The Defendant claims, in its Answer to Debtor's Complaint, to have submitted a Proof of Claim in April, 1987. However, this Proof of Claim was never docketed with the Court.
The Debtor alleged in paragraph 16 of her Adversary Complaint that a TILA disclosure statement had been issued to her in connection with her mortgage as required by the Act. In paragraph 17, she alleged that the Defendant had violated the TILA and Regulations promulgated thereunder (Regulation Z, 12 C.F.R. § 226.1, et seq.) in connection with these disclosures. The Defendant denied the allegations of paragraph 16 stating that ". . . Defendant herein has no knowledge of or information to admit or deny this claim. Defendant is making a diligent effort to ascertain the facts." See Creditor's Answer to Debtor's Complaint. The Defendant maintained, through its Answer, that it could not be subject to liability as an assignee of HUD, the original mortgagee. The Debtor subsequently filed a Motion for leave to amend her Complaint which was granted by Order entered January 14, 1988. The Debtor's Amended Complaint states, at paragraph 16, that no disclosure statement had issued in connection with the transaction.
A second count based on Pennsylvania's Act 6, 41 P.S. § 403, was settled between the parties prior to a hearing in this matter.
A hearing was held in this matter on December 8, 1987. The only witness to testify at that time was the Debtor. She testified that she obtained a mortgage with HUD in 1980 to finance the re-purchase of her home. The Debtor testified that she recalled her closing in 1980 and that she did not receive a TILA disclosure at that time.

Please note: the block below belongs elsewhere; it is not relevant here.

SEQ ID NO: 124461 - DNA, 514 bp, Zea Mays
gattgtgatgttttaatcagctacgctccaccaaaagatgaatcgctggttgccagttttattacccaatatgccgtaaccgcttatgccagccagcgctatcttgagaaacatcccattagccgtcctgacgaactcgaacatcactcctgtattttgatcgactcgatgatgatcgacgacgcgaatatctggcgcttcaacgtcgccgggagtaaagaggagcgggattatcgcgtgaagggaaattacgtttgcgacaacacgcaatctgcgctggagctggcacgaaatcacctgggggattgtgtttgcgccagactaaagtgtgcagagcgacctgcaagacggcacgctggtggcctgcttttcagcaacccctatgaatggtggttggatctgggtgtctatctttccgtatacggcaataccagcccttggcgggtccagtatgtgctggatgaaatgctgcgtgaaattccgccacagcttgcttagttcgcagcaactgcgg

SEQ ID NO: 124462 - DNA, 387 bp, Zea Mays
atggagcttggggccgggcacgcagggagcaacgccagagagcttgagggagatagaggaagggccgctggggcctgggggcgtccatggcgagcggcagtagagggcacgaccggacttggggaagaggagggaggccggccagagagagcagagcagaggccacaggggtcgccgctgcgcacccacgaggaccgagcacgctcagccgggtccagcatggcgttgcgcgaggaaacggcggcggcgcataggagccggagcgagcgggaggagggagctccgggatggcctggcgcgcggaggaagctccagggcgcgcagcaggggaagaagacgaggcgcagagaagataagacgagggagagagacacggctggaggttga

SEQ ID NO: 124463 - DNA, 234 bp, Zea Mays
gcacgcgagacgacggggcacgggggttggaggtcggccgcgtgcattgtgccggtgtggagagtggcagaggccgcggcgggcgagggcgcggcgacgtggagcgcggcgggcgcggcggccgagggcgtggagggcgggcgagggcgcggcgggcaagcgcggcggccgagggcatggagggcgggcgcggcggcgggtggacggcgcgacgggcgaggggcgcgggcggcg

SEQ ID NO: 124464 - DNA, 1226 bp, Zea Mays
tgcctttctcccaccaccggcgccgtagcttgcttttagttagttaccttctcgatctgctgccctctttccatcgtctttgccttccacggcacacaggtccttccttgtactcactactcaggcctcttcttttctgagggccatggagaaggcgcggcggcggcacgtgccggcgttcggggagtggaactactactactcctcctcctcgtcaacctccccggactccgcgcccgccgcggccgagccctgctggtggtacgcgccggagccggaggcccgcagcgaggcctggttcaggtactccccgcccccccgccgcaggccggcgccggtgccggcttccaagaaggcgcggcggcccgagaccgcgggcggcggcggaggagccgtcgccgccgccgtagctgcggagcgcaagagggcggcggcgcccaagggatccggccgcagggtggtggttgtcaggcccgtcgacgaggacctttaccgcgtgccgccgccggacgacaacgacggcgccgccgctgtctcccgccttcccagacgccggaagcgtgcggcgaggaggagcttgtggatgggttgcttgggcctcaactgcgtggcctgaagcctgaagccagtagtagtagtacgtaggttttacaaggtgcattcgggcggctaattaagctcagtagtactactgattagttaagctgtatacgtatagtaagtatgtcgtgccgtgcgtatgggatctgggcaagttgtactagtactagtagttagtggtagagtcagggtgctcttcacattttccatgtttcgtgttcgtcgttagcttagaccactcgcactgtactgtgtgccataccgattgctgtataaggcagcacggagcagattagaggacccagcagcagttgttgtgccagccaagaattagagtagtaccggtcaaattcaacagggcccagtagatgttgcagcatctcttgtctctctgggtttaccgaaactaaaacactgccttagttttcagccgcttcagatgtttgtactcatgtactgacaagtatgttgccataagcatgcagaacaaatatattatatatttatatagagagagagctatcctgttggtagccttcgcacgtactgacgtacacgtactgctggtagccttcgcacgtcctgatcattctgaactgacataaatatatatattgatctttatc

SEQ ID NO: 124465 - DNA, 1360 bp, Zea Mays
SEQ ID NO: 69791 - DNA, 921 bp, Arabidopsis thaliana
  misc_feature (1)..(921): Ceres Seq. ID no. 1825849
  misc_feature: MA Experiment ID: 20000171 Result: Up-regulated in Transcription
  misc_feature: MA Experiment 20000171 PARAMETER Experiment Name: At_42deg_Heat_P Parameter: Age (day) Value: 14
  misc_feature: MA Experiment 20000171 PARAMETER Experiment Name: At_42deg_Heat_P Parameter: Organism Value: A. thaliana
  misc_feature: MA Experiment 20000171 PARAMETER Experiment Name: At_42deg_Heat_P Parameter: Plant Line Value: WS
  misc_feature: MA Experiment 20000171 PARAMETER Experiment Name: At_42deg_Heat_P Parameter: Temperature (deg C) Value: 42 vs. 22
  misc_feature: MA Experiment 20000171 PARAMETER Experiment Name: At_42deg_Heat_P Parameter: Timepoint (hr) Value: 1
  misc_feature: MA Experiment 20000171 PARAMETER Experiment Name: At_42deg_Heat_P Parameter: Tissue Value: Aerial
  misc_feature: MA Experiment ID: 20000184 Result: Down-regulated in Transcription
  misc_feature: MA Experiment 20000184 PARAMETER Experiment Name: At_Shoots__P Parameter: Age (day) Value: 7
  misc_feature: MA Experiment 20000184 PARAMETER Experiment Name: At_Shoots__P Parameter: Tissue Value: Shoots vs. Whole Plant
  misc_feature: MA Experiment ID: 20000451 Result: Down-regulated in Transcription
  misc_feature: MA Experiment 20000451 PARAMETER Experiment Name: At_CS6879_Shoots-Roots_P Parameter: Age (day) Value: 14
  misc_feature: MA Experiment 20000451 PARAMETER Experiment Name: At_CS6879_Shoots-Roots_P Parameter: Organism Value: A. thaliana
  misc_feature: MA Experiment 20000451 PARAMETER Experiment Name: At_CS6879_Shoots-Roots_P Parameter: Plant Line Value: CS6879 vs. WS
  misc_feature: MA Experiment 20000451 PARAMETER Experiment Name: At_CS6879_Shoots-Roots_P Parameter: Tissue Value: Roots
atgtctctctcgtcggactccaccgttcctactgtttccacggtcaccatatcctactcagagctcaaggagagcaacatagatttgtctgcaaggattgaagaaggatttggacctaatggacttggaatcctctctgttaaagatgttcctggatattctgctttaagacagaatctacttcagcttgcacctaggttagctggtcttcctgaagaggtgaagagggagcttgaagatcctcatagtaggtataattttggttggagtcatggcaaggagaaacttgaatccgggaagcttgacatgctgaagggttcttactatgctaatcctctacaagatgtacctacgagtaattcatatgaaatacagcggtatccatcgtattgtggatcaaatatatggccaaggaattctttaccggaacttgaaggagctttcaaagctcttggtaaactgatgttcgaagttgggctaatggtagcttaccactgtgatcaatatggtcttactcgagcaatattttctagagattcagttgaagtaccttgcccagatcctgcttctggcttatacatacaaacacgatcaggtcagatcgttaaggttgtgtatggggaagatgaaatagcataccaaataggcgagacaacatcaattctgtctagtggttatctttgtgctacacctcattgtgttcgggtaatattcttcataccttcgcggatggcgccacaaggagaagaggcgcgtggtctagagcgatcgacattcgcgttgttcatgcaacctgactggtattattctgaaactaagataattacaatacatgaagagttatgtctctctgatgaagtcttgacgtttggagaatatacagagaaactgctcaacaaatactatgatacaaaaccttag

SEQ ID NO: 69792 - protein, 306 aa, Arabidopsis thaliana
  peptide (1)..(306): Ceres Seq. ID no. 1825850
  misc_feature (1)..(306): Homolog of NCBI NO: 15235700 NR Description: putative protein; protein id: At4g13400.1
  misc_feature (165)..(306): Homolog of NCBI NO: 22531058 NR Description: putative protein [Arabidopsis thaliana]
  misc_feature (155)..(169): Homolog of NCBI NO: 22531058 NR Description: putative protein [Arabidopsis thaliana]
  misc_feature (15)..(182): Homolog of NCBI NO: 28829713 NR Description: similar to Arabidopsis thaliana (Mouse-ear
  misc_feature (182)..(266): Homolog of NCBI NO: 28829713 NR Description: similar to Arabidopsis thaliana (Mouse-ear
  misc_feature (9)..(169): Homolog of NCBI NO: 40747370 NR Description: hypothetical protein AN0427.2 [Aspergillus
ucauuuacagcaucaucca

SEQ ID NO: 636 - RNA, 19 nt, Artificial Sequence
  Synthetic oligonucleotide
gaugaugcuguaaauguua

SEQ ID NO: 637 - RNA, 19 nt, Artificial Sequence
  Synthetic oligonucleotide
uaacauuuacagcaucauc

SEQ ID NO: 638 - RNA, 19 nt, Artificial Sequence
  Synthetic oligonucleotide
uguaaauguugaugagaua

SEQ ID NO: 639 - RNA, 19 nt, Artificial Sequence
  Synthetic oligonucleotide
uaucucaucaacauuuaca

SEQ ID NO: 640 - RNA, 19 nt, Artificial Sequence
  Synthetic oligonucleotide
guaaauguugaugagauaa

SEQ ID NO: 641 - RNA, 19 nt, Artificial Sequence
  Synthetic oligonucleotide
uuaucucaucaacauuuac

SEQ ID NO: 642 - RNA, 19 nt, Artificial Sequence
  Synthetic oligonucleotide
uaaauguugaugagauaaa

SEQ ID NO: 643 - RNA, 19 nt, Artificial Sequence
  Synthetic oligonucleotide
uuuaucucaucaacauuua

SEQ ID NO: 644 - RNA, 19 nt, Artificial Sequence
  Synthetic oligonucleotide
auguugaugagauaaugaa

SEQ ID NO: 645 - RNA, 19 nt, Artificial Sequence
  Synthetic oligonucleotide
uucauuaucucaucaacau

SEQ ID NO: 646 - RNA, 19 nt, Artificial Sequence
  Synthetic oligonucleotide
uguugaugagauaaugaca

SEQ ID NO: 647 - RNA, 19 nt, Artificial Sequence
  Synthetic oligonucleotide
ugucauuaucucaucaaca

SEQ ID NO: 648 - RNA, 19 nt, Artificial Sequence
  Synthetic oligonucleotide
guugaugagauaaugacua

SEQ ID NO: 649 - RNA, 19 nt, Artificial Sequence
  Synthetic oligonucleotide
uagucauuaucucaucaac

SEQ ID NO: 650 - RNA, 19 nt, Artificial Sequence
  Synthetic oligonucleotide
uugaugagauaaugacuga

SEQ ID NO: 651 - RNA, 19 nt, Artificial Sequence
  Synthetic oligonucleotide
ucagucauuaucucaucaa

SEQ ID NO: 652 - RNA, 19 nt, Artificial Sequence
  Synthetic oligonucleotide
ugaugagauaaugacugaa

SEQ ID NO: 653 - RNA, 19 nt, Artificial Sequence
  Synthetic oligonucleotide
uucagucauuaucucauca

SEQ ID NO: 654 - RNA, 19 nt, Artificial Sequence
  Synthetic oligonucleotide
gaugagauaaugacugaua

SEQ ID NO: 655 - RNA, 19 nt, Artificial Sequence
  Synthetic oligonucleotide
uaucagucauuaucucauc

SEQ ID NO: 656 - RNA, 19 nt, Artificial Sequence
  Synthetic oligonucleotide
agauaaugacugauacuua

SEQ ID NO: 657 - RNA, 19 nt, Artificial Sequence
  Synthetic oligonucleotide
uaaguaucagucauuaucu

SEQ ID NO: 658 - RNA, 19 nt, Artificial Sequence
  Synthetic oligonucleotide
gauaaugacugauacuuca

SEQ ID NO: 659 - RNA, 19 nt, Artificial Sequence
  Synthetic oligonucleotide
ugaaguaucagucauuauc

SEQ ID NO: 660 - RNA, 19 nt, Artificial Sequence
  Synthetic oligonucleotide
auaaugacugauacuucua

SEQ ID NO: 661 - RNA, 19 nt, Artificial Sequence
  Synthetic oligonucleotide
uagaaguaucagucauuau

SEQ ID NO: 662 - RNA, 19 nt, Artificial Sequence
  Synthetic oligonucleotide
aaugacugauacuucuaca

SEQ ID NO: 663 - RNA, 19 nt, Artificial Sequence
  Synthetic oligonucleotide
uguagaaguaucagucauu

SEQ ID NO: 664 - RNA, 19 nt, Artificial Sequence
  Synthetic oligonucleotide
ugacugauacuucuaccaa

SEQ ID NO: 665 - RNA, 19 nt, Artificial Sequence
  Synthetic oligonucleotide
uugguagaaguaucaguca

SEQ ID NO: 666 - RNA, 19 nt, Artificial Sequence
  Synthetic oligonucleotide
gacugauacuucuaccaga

Debtor testified that she received a "stack of papers" at her closing in 1980. While she did not remember the names of all of the papers that she had received, the Debtor testified that she has retained these papers in a safety deposit box since her closing. She further testified that, at the request of her attorney, she has searched through her papers and has failed to find a TILA disclosure statement. According to the Debtor, she also delivered all of these papers to her attorney who also found no disclosure statement among them.
The Debtor indicated that she understood a TILA disclosure statement to be a "finance paper" which states the amount of the mortgage, the mortgage payments, and the amount of interest being paid in connection with the mortgage. According to the Debtor, her attorney had described the TILA disclosure statement to her when she searched her papers. The Debtor testified that she had received a TILA disclosure statement from First Pennsylvania Bank when she originally purchased her house in September, 1968. She further testified that she did not receive a settlement sheet at the 1980 closing.
It is interesting to note that, while the TILA was enacted in May, 1968, the Act's disclosure requirements were not effective until July 1, 1969. 15 U.S.C. § 1601, 1631, 1638; 82 Stat. 146, Pub.L. No. 90-321, §§ 504(a) and 504(b). Thus, it is unlikely that the Debtor would have received such a disclosure statement in 1968. Her testimony to the contrary indicates that she does not clearly understand what a TILA disclosure statement is.